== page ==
Thoracic Outlet Syndrome

Hand and arm pain are often caused by a problem further up the body. Sometimes a nerve gets trapped around its exit from the spinal cord in the neck, and sometimes the problem is around the shoulder. Thoracic outlet syndrome (TOS) involves an area at the top of the chest between the first rib and collar bone.

What is Thoracic Outlet Syndrome?

TOS is the compression or irritation of a blood vessel, nerve, or rarely both simultaneously. The image above shows the thoracic outlet: the small space through which these structures have to pass. Because of the anatomy in this area, these vessels and nerves are more likely to be compressed around this point. Estimates of its incidence vary widely, with somewhere between 0.3-8% of the population affected.

Symptoms TOS

In some of the areas highlighted above, you may experience:

  • sharp or dull pain
  • numbness
  • weakness
  • pins and needles

In more chronic cases, some of the muscles in the arm or hand may begin to waste.

Vascular Symptoms

Roughly 10% of TOS cases are vascular. Alongside the above symptoms, you should take note of any symptoms that suggest a blood vessel may be compressed. These include:

  • the hand becoming cold to the touch
  • skin in the affected area turning pale or blue

Potential Causes

The space through which the nerves and vessels pass is quite small at best. It becomes smaller still when nearby muscles are tight, which can be the result of a chronically hunched posture. Hunching over your desk, for example, encourages the muscles around the chest to shorten and tighten. Over time this can lead to the development of TOS symptoms.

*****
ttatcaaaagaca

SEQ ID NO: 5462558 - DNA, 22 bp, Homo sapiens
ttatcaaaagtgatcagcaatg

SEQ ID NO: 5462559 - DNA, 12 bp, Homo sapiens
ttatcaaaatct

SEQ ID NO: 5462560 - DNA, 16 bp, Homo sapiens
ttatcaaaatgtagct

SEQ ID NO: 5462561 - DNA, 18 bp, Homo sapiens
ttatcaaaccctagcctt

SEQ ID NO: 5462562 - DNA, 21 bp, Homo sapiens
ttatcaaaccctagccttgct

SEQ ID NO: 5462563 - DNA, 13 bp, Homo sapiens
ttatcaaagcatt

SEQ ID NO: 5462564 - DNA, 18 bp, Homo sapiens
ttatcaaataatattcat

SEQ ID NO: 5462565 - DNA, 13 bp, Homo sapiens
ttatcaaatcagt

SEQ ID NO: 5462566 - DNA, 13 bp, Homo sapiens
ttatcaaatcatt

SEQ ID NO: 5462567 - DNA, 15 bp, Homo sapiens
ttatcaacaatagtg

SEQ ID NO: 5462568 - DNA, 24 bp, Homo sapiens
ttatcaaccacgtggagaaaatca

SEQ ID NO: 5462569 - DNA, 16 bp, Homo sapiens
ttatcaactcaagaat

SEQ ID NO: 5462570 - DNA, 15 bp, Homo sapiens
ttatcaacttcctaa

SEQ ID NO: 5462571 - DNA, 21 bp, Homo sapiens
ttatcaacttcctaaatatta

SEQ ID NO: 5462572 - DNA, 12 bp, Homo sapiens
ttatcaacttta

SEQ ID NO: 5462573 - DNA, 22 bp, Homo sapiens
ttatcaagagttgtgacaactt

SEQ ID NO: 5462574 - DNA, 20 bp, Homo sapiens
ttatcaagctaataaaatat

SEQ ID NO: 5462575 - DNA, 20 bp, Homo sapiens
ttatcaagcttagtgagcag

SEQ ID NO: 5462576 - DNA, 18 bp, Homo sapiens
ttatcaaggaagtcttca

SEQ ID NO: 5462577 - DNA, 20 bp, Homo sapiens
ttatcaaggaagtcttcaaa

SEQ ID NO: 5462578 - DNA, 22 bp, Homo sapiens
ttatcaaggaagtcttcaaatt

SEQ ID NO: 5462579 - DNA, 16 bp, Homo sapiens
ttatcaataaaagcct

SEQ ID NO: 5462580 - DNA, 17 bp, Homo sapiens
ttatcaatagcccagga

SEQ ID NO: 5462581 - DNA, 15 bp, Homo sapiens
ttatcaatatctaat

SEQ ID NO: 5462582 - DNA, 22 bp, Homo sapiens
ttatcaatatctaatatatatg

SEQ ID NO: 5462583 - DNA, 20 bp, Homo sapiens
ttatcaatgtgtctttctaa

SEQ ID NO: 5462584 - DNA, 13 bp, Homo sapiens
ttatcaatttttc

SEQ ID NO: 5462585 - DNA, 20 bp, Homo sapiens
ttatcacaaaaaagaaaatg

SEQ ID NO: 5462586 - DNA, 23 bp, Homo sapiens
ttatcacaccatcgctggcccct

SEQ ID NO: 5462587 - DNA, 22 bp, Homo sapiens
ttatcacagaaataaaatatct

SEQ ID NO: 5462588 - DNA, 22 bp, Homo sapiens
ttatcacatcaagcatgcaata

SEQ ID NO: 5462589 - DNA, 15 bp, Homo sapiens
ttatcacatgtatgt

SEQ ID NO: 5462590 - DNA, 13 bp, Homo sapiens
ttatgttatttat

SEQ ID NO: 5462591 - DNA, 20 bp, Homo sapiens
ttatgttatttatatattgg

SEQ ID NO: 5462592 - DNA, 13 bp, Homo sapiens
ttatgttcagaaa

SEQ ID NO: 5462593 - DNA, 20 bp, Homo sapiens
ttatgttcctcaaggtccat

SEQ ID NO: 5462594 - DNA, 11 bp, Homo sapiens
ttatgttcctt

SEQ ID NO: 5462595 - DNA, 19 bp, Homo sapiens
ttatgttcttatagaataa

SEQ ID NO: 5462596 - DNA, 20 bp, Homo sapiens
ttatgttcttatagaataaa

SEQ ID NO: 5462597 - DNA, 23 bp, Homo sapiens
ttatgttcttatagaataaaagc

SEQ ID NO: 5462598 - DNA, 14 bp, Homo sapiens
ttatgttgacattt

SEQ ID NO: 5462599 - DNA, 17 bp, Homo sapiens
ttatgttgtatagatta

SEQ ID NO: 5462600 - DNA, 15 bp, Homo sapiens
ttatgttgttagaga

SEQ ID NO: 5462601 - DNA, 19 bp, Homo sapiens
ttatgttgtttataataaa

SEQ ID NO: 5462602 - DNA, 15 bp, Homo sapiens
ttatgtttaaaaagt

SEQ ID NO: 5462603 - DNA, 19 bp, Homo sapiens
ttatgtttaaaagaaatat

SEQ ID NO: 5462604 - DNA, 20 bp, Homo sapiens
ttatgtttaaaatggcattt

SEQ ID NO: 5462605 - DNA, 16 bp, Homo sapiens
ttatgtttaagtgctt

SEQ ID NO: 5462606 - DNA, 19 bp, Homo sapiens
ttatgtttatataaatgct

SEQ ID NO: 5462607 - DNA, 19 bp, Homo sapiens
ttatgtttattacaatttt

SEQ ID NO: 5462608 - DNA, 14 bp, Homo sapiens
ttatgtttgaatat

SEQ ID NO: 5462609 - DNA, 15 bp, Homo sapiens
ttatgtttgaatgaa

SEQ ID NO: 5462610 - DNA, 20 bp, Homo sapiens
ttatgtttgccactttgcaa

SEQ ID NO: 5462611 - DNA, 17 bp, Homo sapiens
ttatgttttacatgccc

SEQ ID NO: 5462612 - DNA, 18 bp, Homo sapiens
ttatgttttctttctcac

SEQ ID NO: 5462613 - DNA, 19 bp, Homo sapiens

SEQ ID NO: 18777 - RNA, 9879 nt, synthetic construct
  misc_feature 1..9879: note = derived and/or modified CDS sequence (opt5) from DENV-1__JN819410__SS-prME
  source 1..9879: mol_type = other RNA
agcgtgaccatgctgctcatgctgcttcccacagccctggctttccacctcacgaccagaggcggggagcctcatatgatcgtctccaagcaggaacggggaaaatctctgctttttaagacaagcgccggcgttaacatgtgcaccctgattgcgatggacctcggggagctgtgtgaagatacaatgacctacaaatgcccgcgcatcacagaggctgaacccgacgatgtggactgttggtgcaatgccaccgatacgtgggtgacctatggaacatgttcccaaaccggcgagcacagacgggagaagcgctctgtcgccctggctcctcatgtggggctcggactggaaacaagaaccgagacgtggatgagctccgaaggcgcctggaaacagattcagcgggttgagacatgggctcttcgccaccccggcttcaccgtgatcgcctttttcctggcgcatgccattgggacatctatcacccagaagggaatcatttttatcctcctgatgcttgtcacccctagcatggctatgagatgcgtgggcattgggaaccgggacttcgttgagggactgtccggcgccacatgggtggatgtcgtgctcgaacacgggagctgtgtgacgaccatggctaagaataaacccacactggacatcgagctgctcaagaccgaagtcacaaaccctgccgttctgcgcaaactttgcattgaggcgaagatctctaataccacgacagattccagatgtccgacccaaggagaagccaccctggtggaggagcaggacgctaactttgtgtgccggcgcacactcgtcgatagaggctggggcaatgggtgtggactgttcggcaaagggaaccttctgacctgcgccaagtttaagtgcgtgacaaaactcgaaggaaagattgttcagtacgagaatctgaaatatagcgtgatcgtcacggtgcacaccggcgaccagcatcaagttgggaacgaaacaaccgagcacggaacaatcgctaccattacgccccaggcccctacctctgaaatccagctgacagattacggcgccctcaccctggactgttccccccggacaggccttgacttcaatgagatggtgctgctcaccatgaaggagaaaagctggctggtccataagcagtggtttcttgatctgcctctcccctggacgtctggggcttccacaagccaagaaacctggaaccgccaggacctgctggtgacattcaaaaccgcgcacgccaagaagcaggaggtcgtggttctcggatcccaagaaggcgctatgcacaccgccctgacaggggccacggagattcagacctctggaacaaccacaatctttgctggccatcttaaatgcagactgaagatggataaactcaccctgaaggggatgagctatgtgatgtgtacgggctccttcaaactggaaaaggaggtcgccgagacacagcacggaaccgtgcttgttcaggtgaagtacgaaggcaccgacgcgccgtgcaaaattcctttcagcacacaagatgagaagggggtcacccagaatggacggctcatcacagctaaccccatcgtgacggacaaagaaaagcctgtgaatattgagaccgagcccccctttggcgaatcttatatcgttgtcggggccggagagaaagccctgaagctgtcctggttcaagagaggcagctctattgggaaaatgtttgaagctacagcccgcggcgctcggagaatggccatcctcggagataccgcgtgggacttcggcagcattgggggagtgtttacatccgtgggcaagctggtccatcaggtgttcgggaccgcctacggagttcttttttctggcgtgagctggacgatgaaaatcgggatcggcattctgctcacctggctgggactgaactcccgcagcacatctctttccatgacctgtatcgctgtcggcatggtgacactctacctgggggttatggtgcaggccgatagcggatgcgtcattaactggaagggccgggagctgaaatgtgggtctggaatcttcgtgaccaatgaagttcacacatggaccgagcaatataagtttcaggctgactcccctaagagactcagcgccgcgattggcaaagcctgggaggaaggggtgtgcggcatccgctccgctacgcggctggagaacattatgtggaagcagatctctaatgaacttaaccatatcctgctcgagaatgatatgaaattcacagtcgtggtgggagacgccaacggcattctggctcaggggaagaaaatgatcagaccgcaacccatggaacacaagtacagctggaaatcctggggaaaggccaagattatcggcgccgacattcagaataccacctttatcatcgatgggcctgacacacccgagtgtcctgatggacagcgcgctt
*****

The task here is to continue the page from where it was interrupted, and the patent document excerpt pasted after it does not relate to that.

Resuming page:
Everyone’s anatomy is slightly different, and some people have an extra rib at the base of the neck. This accounts for about 1/200 people. Most people with a cervical rib will never know about it, but it is possible that it could add to compression around the thoracic outlet and cause arm symptoms. This might be particularly relevant to you if you have a family history of similar symptoms, as the development of the extra rib is likely to be genetic.

Cases may be diagnosed in clinic with basic movement-based tests. For simple cases this will be sufficient for management, but more persistent cases may warrant imaging via your GP.

Managing Thoracic Outlet Syndrome

Mild cases of TOS may be managed conservatively, such as through exercises and hands on treatment. When the root cause is down to tight muscles and associated postural issues, your osteopath can help. Releasing the muscles through treatment and exercise can give quick effects. We will look at the rest of the body too, and typically find that the upper back needs some help too. Strengthening often forms part of the puzzle here, which helps to keep the shoulders from hunching over in the longer term too.

If you have symptoms of vascular TOS, you should speak to your GP before seeing your osteopath. Do so urgently if you have persistent symptoms, or find that your vascular symptoms come with significant weakness in the hand. Very rarely, venous TOS is associated with the development of a blood clot around the thoracic outlet. Call 999 if you develop chest pain or difficulty breathing.

Make an appointment in Alsager on 077 7593 1609